More and more, higher education institutions are looking to “raffles” for opportunities to raise funds.  It should be noted that these events may require state registration, more Form 990 reporting, and additional tax compliance with prize reporting.   Also, they could generate unrelated business income taxes.


Marathon Bible College (MBC) is a private college exempt under Internal Revenue Code section 501(c)(3) and section 170(b)(1)(A)(ii).  They are required to file Form 990 annually.

MBC’s Controller calls us with their Director of Development on the line.  She indicates that MBC is planning to conduct a raffle in March of 2017 and asks us what issues they should be aware of as they plan this event.

We answer that there are myriad issues involved.  And, after our phone discussion, we sent them a listing of issues.  (See below.)


A raffle may look like a unique and exciting way to raise funds. But before engaging in a raffle, an organization should consider the following:

  1. The purchase of raffle tickets does not result in a tax-deductible contribution. This is discussed on page 7 of IRS Publication 526, Charitable Contributions.
  2. When a raffle prize is greater than $600 and more than 300 times the amount of the wager, the organization must report the identity of the winner to the IRS and issue the winner a Form W-2G, Certain Gambling Winnings. See page 22 of IRS Publication 3079, Tax-Exempt Organizations and Gaming.
  3. If the value of the prize is greater than $5,000, the raffle sponsor must withhold 28% of the value of the prize less the cost of the raffle ticket(s) purchased. If the prize is non-cash, the organization must either collect the withholding amount from the winner, or pay an amount equal to 33.33% of the value of the non-cash prize itself. When the sponsor pays the tax withholding amount, the amount of the tax withholding paid is added to the value of the prize on Form W-2G. When withholding is required, the winner must sign Form W-2G attesting to the fact that no other person is entitled to any portion of the payment and that the winnings are subject to regular gambling withholding.
  4. Raffles will generally require institutions who are required to file Form 990 to complete Schedule G (Form 990), Part III, “Gaming”. Before holding a “raffle” it would be advisable to review the Instructions to Schedule G and also the Form 990 glossary with respect to the terms, “gaming” and “volunteers”.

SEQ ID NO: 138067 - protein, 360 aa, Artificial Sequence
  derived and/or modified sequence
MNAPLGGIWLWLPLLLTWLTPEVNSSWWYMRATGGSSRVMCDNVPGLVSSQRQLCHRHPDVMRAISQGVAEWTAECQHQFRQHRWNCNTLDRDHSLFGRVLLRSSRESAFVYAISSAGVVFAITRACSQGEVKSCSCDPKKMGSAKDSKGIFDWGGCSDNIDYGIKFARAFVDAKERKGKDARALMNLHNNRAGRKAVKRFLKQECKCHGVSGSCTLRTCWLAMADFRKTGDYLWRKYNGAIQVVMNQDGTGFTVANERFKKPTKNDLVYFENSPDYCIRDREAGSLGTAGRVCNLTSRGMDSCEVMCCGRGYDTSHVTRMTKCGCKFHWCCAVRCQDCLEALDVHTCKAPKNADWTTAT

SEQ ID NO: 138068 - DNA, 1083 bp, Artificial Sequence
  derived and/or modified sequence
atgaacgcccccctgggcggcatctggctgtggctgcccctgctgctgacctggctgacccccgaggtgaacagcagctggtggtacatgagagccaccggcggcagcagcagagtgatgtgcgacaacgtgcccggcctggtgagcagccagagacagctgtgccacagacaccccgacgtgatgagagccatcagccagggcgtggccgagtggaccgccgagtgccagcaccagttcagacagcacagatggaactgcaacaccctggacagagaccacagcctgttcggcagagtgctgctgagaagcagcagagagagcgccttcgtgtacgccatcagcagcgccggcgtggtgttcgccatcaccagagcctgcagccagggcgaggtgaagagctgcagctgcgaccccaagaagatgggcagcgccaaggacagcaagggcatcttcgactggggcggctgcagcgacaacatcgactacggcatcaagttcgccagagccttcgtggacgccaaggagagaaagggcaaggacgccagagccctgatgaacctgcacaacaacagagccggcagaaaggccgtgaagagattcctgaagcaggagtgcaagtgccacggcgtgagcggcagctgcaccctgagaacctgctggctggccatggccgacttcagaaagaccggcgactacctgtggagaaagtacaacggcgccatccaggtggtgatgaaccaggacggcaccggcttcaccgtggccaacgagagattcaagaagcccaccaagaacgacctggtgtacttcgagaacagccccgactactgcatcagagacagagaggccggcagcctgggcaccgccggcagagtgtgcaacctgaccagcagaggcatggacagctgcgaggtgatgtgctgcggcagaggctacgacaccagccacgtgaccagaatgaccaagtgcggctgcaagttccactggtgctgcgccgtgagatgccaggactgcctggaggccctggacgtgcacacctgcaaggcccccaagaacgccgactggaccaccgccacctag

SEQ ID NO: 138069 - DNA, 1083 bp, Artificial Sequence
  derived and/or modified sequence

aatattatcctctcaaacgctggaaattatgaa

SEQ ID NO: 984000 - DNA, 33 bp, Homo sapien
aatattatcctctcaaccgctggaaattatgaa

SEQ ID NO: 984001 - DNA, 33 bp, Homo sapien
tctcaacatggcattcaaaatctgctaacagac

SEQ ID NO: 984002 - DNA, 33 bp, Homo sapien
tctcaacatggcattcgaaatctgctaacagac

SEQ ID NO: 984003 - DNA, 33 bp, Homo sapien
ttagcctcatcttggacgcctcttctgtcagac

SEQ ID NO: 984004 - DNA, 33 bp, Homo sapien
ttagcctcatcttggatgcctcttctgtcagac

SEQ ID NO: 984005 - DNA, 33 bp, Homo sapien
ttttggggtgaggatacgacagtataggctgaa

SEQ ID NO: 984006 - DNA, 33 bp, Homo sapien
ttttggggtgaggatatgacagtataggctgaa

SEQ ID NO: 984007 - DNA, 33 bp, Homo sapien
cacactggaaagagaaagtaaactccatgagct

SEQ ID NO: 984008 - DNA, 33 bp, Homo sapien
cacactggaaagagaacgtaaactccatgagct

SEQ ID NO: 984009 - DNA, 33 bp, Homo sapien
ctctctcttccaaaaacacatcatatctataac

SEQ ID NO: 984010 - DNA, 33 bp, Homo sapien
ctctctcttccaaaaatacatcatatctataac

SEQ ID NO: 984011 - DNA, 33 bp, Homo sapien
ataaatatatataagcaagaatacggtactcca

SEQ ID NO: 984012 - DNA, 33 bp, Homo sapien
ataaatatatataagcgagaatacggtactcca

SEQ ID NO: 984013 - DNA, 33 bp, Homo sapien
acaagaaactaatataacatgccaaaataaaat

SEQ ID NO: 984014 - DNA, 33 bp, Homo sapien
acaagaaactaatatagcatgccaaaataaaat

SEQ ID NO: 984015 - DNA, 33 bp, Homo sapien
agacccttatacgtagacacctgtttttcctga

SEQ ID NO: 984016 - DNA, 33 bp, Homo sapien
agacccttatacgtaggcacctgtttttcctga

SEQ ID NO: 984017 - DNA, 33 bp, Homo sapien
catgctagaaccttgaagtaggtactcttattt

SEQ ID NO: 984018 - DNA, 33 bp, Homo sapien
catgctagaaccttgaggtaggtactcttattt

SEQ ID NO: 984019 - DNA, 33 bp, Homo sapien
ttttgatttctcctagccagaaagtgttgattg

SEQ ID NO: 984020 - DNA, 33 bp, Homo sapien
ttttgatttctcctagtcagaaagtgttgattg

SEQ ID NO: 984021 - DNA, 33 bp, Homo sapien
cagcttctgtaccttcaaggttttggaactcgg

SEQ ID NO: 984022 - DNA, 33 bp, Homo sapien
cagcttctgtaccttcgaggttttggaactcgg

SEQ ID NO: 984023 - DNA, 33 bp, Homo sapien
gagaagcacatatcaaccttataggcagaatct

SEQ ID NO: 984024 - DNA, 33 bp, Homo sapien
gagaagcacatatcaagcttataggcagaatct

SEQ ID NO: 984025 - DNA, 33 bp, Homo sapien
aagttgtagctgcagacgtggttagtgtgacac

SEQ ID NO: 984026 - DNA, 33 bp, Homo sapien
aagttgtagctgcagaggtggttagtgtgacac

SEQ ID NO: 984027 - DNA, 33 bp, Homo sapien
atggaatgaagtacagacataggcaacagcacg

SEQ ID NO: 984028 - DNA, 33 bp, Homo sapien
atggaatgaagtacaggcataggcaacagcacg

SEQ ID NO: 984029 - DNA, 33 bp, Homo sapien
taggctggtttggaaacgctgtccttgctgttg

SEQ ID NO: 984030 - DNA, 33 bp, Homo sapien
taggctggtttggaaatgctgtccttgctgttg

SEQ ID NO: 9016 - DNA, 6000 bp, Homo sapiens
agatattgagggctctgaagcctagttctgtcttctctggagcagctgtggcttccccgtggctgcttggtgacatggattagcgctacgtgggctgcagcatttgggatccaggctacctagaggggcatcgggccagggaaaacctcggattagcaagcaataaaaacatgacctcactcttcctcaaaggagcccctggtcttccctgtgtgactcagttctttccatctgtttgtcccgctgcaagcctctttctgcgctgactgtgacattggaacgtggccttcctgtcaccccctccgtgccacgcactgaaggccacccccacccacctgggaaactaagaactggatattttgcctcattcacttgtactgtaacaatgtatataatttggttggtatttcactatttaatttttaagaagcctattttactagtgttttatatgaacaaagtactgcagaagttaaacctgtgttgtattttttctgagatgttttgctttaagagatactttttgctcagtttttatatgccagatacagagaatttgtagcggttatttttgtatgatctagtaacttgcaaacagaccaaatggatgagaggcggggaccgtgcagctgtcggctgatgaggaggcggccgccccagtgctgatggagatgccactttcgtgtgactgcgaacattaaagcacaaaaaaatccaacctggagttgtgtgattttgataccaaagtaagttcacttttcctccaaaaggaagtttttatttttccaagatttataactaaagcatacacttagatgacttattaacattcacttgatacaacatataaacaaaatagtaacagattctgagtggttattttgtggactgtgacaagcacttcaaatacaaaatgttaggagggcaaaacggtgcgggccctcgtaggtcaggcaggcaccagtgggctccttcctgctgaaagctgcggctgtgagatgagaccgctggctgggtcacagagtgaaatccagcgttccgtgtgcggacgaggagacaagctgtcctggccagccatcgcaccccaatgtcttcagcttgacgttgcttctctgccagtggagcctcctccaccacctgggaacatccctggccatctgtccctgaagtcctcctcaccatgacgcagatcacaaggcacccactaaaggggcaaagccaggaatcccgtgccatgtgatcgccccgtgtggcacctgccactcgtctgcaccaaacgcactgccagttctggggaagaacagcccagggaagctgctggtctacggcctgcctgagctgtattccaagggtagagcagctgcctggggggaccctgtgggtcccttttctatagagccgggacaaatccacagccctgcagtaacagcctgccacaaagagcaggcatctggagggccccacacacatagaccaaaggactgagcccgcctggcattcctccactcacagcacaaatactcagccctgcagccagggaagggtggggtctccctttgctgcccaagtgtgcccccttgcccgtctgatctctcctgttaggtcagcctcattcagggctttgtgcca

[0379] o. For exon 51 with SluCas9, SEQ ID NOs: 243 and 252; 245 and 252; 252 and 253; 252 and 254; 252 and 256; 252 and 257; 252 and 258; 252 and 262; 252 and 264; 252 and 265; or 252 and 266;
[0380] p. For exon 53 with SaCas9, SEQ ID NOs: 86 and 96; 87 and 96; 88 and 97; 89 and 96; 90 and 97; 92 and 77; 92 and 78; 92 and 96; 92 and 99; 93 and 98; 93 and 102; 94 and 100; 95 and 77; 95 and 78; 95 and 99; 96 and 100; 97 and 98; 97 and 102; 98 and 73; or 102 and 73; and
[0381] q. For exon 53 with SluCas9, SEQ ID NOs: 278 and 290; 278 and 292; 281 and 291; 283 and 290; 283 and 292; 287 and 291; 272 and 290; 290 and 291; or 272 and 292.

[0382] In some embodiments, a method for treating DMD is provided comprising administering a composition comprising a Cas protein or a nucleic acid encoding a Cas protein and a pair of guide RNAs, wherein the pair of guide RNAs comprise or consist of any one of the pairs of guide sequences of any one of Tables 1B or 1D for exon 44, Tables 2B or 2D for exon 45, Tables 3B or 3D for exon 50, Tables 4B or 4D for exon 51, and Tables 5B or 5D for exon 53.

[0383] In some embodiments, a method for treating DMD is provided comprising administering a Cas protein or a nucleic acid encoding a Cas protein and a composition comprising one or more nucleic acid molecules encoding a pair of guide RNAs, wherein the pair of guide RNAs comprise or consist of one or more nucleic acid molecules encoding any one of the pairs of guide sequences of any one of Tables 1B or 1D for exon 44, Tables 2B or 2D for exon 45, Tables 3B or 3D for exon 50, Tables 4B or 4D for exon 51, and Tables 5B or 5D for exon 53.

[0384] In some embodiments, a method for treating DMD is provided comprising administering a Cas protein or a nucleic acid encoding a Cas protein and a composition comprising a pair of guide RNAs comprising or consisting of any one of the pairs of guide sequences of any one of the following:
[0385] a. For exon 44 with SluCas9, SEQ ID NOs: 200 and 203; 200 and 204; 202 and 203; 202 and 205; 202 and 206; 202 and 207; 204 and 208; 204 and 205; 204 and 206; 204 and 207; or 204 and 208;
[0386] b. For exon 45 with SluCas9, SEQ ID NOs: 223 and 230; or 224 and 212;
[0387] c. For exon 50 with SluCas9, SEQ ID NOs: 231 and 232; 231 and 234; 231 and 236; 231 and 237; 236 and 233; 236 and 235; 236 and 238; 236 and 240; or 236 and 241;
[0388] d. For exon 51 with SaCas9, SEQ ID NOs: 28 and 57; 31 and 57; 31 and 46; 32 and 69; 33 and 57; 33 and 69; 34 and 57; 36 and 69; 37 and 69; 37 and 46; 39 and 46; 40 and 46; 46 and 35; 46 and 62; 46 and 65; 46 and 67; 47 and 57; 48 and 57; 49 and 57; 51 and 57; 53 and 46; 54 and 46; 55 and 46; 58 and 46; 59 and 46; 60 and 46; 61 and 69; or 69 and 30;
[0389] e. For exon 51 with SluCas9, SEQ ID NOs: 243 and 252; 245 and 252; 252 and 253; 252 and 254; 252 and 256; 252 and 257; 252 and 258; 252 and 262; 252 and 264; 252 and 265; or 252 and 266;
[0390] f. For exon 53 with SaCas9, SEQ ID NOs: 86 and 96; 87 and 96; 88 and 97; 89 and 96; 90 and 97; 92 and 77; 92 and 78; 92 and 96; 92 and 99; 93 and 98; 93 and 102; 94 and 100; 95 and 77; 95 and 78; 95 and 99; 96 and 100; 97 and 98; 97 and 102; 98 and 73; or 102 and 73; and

5. Income from raffle tickets is unrelated business taxable income if raffles are an activity the organization regularly carries on (perhaps more than twice per year or for more than two weeks in duration) or is not substantially staffed by volunteers.
  6. Also, there can be state and local implications to “raffles” that vary widely depending upon the jurisdiction in which your institution is located and/or where the raffle might be held. Make sure you research any potential regulatory or registration requirements.
  7. Finally, there is the potential public relations angle – which each organization should assess for themselves.


Bill buys a $10 raffle ticket for the chance to win a $6,000 cash prize. Bill’s ticket is drawn. Because Bill’s winnings net of the cost of the raffle ticket ($5,990) are greater than $600 and more than 300 times the amount of the wager (the cost of the raffle ticket), the organization sponsoring the raffle must report Bill’s winnings to the IRS, issue Bill a Form W-2G, and withhold $1,677 (28% of $5,990). Additionally, Bill must sign the Form W-2G.

Bottom Line

**Fundraising issues and numerous other tax areas of interest will be presented at the first annual Tax Forum for Biblical Higher Education on Thursday, February 9, 2017 in Orlando, Florida. Three hours of CPE will be offered.  Attendance may be in-person or online.  For more specific information, click here.

Raffles can provide much-needed funding and raise awareness for your school.  However, there is a “tread lightly” admonition that should precede and accompany “raffle planning and execution”.  It would be good to run this by your skilled, knowledgeable, and experienced tax advisor.  He or she will be able to help your school navigate the intricacies of the reporting requirements.

Specific questions? Email Dave Moja.

The information provided herein presents general information and should not be relied on as accounting, tax, or legal advice when analyzing and resolving a specific tax issue. If you have specific questions regarding a particular fact situation, please consult with competent accounting, tax, and/or legal counsel about the facts and laws that apply.